Virginia and the Chesapeake Bay Foundation are suing the Trump administration over its rollback of fuel efficiency standards meant to limit tail-pipe pollution.

In separate lawsuits filed in federal court Wednesday, the Commonwealth and foundation joined dozens of other states, cities and organizations claiming the weakened emission guidelines violate federal environmental protections, including the Clean Air Act.

The previous emission standards, approved under President Barack Obama in 2012, required automakers’ fleets to average about 54 miles per gallon by 2025. Under the new rule, fleets need to average about 40 miles per gallon.

Carbon dioxide is one of the leading greenhouse gases that causes climate change. The organizations and states suing the administration say the rollback will lead to nearly a billion more metric tons of planet-warming carbon in the atmosphere.

“This replacement rule will not only make our air dirtier, putting the health of our children, seniors, and communities at risk, but it will also increase the climate change costs for individual states,” Virginia Attorney General Mark Herring said in a statement.

He noted that Hampton Roads is already experiencing effects from global warming, including sea level rise and worsening flooding. According to the Hampton Roads Planning Commission District, the region should prepare for at least 1.5 feet of higher water by 2050 and 3 feet by 2080.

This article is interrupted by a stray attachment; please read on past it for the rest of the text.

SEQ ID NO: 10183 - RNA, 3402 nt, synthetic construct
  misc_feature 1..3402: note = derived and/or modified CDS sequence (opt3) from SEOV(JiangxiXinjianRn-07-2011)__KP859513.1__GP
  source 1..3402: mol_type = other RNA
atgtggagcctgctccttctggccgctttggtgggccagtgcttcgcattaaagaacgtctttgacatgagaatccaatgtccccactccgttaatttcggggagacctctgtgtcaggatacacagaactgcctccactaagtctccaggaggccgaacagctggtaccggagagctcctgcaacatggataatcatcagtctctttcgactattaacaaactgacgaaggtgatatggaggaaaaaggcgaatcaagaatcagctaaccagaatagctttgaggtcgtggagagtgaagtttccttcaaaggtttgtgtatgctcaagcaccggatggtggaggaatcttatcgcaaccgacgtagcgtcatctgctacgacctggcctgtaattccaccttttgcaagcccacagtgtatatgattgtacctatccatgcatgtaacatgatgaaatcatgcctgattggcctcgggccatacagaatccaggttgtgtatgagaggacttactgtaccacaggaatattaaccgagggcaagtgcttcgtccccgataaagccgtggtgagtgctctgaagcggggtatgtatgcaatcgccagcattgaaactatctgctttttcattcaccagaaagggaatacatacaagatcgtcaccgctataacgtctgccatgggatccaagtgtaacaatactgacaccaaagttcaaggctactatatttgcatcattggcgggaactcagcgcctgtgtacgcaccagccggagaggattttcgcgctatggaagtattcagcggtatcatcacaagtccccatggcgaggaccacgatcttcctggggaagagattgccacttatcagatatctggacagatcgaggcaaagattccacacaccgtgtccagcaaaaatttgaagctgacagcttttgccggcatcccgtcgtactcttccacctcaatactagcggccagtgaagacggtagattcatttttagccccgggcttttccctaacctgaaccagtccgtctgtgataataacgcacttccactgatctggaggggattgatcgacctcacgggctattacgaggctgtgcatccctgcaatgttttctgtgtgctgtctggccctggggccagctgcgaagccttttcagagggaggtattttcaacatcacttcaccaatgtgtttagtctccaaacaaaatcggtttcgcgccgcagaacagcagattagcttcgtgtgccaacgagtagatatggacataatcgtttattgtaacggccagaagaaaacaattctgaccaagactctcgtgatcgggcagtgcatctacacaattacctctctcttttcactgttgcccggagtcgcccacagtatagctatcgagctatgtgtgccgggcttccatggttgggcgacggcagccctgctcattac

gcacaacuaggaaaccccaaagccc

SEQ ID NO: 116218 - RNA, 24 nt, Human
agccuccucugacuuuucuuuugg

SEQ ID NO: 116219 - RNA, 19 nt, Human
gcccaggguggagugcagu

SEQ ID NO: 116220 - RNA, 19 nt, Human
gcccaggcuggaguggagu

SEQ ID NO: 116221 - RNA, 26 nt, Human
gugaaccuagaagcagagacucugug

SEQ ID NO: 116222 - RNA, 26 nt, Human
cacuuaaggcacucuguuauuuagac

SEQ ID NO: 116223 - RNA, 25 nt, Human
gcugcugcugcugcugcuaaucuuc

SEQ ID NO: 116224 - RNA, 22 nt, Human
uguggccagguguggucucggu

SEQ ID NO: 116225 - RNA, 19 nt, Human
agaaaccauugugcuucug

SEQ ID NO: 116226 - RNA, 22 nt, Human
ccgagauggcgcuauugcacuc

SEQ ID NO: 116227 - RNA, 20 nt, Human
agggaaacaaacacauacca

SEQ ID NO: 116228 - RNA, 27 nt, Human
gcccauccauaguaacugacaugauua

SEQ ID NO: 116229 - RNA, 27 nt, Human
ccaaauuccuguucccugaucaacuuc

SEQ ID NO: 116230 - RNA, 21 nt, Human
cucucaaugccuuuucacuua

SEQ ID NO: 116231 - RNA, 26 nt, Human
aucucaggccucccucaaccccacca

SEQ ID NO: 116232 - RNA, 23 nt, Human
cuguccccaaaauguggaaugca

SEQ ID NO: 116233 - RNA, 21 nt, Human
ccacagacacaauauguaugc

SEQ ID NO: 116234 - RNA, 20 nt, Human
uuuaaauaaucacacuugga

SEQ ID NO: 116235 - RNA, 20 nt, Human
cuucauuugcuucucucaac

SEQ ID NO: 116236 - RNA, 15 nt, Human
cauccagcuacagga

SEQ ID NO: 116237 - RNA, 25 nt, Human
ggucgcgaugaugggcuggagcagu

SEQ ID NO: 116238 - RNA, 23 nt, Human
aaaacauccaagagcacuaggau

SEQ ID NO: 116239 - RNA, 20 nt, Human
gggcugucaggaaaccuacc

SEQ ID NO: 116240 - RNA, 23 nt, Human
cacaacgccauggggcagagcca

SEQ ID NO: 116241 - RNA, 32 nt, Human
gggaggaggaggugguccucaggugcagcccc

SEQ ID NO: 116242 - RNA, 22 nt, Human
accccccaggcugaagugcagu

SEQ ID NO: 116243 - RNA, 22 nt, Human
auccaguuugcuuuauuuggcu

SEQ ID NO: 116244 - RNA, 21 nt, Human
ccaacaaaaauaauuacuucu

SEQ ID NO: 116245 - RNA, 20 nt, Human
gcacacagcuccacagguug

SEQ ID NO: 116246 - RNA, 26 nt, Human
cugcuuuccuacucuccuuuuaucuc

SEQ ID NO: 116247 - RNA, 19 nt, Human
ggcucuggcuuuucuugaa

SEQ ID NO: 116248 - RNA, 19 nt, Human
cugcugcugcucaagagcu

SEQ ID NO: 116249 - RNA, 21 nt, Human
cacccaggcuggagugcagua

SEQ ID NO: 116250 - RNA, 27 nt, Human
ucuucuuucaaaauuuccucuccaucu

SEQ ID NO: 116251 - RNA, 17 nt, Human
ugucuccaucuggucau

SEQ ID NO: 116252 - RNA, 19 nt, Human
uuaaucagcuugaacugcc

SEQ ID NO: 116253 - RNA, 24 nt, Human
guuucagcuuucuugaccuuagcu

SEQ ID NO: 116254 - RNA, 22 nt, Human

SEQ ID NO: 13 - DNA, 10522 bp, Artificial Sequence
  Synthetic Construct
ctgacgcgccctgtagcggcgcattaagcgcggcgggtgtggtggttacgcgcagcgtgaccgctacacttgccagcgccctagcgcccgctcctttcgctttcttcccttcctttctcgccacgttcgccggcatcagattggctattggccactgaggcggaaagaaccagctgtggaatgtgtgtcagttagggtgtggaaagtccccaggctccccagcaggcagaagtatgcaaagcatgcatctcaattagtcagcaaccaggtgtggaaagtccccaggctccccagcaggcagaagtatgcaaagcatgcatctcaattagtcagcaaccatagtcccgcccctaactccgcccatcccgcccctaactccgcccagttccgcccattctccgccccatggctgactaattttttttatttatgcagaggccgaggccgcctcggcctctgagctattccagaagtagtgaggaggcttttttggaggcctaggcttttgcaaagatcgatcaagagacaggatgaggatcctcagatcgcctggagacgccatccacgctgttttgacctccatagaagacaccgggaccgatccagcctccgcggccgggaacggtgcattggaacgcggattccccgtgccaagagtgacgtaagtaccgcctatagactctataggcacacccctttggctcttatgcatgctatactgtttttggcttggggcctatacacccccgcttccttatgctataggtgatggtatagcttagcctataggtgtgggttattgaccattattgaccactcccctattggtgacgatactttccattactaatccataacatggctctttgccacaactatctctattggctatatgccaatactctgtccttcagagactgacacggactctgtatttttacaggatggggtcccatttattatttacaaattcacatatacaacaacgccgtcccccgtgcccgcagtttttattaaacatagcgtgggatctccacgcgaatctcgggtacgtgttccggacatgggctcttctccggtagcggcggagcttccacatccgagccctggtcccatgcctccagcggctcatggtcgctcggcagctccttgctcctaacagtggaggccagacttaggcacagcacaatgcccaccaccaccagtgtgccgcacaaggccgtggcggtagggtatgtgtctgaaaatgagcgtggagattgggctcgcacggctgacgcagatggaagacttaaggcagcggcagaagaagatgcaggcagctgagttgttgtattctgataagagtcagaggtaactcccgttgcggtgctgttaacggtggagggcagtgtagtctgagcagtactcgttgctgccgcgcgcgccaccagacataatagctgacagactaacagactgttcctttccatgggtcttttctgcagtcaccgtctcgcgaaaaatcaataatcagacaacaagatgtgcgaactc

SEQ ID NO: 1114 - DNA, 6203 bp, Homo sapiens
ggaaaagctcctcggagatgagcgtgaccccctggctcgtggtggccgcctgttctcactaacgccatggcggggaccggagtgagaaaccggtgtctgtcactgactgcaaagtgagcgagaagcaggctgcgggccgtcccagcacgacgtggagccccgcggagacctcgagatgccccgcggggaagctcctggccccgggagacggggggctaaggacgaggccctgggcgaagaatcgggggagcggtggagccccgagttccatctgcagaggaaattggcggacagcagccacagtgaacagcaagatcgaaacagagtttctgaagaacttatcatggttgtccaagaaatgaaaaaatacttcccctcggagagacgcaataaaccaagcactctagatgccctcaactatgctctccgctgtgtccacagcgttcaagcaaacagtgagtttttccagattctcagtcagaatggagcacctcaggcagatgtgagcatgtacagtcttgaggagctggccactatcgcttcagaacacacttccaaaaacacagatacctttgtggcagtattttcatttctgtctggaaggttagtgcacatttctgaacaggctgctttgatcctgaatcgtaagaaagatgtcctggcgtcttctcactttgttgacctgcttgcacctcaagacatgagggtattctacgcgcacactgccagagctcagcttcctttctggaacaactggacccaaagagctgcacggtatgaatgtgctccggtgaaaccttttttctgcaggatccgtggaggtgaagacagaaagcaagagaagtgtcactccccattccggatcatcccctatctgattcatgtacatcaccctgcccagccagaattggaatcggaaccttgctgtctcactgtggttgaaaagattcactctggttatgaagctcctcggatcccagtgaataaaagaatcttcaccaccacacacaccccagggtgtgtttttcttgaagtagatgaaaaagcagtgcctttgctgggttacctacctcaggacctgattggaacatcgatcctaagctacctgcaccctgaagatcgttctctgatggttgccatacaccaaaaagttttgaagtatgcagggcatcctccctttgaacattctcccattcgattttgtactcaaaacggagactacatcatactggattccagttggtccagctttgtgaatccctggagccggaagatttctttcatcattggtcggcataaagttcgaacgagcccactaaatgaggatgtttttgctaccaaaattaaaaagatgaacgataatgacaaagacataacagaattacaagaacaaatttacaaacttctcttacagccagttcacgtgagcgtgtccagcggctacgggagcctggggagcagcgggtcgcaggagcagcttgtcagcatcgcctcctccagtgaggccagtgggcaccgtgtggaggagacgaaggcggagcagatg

The Chesapeake Bay Foundation added that the reduced standards threaten the restoration of the Chesapeake Bay and make it more vulnerable to climate change.

“Clean cars are essential to the Chesapeake Bay,” foundation attorney Ariel Solaski said. 

The foundation is co-plaintiffs with the Sierra Club, Union of Concerned Scientists and Center for Biological Diversity among other organizations. The 22 other states filing suit include Maryland, North Carolina, Rhode Island, Delaware, Massachusetts, New York and California.

President Donald Trump has said the new standards will make cars cheaper. It’s part of an overall effort by the administration to cut environmental regulations it deems burdensome, expensive and unnecessary.

Critics of the new fuel emission standards have pushed back, saying the policy will actually cost consumers more money by purchasing about 80 million gallons of additional gas.